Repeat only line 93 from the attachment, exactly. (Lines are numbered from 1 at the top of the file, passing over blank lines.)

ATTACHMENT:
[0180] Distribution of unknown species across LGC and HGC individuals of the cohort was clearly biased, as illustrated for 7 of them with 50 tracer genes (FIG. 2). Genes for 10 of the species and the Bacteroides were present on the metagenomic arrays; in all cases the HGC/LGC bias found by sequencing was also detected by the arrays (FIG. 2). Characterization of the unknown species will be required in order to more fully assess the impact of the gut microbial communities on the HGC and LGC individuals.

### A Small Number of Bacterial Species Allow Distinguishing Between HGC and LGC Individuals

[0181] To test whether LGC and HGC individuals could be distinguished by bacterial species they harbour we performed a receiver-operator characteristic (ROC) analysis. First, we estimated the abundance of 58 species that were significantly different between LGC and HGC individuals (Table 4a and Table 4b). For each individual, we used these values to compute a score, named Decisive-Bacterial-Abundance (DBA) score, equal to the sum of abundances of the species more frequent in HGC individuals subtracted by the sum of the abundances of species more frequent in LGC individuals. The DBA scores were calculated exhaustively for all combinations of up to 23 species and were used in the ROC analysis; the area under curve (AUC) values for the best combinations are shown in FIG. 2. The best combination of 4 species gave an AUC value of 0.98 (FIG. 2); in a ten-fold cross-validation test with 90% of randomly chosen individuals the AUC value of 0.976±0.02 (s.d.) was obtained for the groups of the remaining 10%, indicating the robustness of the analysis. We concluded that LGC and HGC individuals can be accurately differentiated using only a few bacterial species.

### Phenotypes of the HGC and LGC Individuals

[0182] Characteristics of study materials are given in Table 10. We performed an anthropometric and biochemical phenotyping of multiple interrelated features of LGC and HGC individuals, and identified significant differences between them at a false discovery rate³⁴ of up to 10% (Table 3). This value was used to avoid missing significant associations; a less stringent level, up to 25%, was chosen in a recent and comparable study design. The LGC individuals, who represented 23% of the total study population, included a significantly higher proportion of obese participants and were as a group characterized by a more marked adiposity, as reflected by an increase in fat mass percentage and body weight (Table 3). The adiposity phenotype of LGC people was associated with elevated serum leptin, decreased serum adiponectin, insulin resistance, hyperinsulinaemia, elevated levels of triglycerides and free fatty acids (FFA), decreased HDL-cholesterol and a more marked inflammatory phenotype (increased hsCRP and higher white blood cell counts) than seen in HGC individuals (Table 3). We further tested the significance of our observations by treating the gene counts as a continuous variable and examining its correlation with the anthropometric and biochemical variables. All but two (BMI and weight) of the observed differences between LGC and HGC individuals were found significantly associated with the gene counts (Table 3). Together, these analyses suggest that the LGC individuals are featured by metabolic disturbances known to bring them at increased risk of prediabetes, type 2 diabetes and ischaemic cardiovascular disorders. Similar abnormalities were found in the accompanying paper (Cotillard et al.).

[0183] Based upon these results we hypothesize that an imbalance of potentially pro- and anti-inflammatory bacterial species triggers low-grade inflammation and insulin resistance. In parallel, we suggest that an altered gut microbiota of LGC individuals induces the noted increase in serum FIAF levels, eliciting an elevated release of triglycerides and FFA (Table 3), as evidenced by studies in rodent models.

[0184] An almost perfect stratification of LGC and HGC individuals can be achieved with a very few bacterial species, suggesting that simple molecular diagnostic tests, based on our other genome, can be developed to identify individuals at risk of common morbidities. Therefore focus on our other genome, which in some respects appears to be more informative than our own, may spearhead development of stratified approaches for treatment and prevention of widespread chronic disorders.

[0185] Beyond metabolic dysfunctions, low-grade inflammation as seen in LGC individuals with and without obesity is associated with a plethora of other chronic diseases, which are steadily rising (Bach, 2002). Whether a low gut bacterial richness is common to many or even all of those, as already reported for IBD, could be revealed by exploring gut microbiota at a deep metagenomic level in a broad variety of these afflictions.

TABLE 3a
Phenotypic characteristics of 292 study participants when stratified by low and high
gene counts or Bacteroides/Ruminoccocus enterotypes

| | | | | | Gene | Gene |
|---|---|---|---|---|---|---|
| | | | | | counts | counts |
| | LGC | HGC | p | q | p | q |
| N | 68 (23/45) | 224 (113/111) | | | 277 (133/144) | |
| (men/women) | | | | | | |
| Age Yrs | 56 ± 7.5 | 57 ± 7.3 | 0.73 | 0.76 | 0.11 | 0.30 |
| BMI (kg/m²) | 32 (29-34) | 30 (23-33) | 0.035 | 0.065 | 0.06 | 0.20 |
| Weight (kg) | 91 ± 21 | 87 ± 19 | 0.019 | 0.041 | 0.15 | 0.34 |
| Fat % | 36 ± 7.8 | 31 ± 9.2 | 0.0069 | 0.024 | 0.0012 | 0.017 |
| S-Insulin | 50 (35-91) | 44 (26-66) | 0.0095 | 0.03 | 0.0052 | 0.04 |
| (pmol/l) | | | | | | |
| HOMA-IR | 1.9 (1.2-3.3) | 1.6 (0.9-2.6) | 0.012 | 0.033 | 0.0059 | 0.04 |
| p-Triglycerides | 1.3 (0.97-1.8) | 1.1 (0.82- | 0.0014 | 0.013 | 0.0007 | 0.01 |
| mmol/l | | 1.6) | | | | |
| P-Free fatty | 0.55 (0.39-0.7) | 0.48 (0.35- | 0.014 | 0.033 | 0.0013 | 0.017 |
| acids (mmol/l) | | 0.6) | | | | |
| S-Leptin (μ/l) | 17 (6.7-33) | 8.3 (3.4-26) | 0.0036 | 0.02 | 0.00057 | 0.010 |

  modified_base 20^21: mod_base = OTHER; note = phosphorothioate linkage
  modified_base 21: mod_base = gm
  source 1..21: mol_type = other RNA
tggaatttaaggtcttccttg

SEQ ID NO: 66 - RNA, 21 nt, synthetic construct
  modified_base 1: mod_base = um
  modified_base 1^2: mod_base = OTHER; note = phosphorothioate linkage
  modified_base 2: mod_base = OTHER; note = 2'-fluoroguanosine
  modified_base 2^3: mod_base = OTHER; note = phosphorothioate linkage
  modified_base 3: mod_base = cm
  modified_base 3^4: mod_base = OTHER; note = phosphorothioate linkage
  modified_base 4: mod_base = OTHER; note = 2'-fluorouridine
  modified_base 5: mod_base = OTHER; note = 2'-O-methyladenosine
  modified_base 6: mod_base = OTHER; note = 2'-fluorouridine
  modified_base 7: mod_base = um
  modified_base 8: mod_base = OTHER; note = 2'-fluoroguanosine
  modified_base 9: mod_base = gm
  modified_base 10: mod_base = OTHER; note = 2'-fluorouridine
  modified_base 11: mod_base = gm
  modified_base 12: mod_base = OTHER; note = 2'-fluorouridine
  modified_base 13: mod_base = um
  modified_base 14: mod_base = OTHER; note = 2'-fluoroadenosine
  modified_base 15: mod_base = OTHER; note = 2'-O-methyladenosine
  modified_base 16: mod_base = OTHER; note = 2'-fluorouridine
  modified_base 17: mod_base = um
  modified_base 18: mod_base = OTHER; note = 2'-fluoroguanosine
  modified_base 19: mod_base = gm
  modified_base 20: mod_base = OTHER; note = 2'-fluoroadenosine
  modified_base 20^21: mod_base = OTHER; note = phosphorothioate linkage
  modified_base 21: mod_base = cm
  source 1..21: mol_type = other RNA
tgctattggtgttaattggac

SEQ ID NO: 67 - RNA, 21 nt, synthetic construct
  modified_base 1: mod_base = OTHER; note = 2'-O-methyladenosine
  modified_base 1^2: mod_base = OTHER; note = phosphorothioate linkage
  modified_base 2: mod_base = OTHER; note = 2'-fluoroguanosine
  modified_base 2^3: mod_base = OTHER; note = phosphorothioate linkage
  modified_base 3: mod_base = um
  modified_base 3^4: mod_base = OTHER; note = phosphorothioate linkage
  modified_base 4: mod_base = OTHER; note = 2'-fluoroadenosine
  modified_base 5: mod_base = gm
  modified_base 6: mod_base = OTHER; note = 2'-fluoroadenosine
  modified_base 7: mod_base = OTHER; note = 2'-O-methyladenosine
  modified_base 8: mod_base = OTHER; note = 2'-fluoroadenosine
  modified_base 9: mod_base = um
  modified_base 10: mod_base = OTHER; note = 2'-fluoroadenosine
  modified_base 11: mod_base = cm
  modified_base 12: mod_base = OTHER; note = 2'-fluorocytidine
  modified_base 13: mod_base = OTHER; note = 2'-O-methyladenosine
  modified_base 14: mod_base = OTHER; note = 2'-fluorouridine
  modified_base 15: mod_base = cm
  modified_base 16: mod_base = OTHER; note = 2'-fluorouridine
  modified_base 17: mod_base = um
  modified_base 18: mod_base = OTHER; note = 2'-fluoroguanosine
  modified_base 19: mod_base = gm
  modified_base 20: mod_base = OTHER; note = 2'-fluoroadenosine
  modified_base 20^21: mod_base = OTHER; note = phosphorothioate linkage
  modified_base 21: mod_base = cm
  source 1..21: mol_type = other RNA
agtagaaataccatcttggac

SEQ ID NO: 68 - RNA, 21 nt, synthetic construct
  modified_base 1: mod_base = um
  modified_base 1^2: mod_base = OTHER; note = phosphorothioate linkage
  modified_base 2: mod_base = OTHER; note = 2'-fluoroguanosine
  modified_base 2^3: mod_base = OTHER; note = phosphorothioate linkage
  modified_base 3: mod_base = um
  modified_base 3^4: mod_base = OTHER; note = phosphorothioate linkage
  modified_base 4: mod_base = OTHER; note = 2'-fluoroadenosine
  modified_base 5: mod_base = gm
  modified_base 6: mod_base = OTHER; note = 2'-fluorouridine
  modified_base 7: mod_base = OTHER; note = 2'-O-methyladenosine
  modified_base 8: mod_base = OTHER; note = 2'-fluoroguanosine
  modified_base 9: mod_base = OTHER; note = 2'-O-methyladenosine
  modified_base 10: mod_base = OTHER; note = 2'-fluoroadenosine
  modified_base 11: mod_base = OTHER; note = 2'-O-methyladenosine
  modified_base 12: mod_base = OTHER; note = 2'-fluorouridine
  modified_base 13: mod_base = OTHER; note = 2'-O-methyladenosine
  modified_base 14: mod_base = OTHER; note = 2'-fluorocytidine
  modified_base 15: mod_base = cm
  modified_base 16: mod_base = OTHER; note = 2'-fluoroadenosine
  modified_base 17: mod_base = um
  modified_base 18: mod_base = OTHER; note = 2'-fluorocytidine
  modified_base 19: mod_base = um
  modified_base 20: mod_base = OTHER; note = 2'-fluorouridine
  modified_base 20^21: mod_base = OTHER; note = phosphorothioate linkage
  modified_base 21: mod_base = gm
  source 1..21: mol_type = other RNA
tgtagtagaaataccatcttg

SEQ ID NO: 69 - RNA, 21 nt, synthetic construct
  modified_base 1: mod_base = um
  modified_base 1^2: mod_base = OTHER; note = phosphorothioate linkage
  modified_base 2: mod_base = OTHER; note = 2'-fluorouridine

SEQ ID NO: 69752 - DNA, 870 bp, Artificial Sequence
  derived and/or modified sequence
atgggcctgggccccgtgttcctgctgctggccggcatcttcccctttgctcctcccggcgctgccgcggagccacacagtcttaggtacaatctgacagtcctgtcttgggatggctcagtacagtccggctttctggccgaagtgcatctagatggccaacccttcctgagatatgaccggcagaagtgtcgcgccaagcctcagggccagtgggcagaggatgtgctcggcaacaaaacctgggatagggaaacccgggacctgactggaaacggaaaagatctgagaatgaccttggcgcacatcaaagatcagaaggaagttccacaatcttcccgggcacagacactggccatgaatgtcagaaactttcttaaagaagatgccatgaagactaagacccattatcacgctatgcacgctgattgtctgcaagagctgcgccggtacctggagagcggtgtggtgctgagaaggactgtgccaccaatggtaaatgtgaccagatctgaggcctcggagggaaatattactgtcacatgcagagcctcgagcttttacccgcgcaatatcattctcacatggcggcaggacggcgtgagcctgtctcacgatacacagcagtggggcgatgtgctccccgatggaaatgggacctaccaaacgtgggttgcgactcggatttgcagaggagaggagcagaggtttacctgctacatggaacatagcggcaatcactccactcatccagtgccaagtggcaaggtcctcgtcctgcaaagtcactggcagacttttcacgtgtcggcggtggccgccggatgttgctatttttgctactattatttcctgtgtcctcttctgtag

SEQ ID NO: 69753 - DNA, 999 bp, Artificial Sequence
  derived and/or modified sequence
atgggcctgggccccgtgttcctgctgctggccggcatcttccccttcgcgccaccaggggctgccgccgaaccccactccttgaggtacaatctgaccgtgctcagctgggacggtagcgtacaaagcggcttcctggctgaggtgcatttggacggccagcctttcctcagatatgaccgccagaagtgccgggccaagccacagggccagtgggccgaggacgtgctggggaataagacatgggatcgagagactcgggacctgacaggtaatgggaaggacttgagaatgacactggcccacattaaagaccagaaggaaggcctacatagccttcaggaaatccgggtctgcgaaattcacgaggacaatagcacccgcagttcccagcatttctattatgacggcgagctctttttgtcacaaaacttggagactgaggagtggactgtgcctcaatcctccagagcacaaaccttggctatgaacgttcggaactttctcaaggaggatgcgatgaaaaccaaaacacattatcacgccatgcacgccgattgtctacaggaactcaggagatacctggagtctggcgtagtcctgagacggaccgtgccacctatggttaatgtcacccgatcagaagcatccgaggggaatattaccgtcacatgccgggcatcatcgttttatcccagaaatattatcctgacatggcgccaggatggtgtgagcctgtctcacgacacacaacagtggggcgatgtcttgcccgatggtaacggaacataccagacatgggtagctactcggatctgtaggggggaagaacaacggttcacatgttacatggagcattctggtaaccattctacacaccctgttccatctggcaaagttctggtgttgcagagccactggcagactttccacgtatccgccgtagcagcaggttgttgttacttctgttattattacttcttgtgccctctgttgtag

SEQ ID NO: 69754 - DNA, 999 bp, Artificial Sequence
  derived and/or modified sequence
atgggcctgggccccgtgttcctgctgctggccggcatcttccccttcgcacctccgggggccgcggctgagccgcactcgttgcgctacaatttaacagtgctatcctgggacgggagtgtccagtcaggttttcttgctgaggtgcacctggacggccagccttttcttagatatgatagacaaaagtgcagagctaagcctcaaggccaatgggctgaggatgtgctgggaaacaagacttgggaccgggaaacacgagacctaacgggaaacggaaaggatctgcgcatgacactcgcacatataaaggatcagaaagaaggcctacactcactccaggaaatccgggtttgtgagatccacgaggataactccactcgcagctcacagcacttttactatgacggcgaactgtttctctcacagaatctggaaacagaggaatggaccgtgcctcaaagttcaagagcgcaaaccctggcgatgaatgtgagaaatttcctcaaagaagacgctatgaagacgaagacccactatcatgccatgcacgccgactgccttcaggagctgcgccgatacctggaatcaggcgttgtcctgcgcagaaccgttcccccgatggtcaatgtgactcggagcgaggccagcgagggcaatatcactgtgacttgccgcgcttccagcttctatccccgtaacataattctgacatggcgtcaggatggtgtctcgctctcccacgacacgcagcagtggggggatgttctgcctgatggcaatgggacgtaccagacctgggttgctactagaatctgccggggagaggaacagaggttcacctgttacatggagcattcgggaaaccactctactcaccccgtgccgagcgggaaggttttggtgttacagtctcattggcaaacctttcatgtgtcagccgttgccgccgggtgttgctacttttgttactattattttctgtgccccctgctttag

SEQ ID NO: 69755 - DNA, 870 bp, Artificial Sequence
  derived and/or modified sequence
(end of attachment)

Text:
  modified_base 2: mod_base = OTHER; note = 2'-fluoroguanosine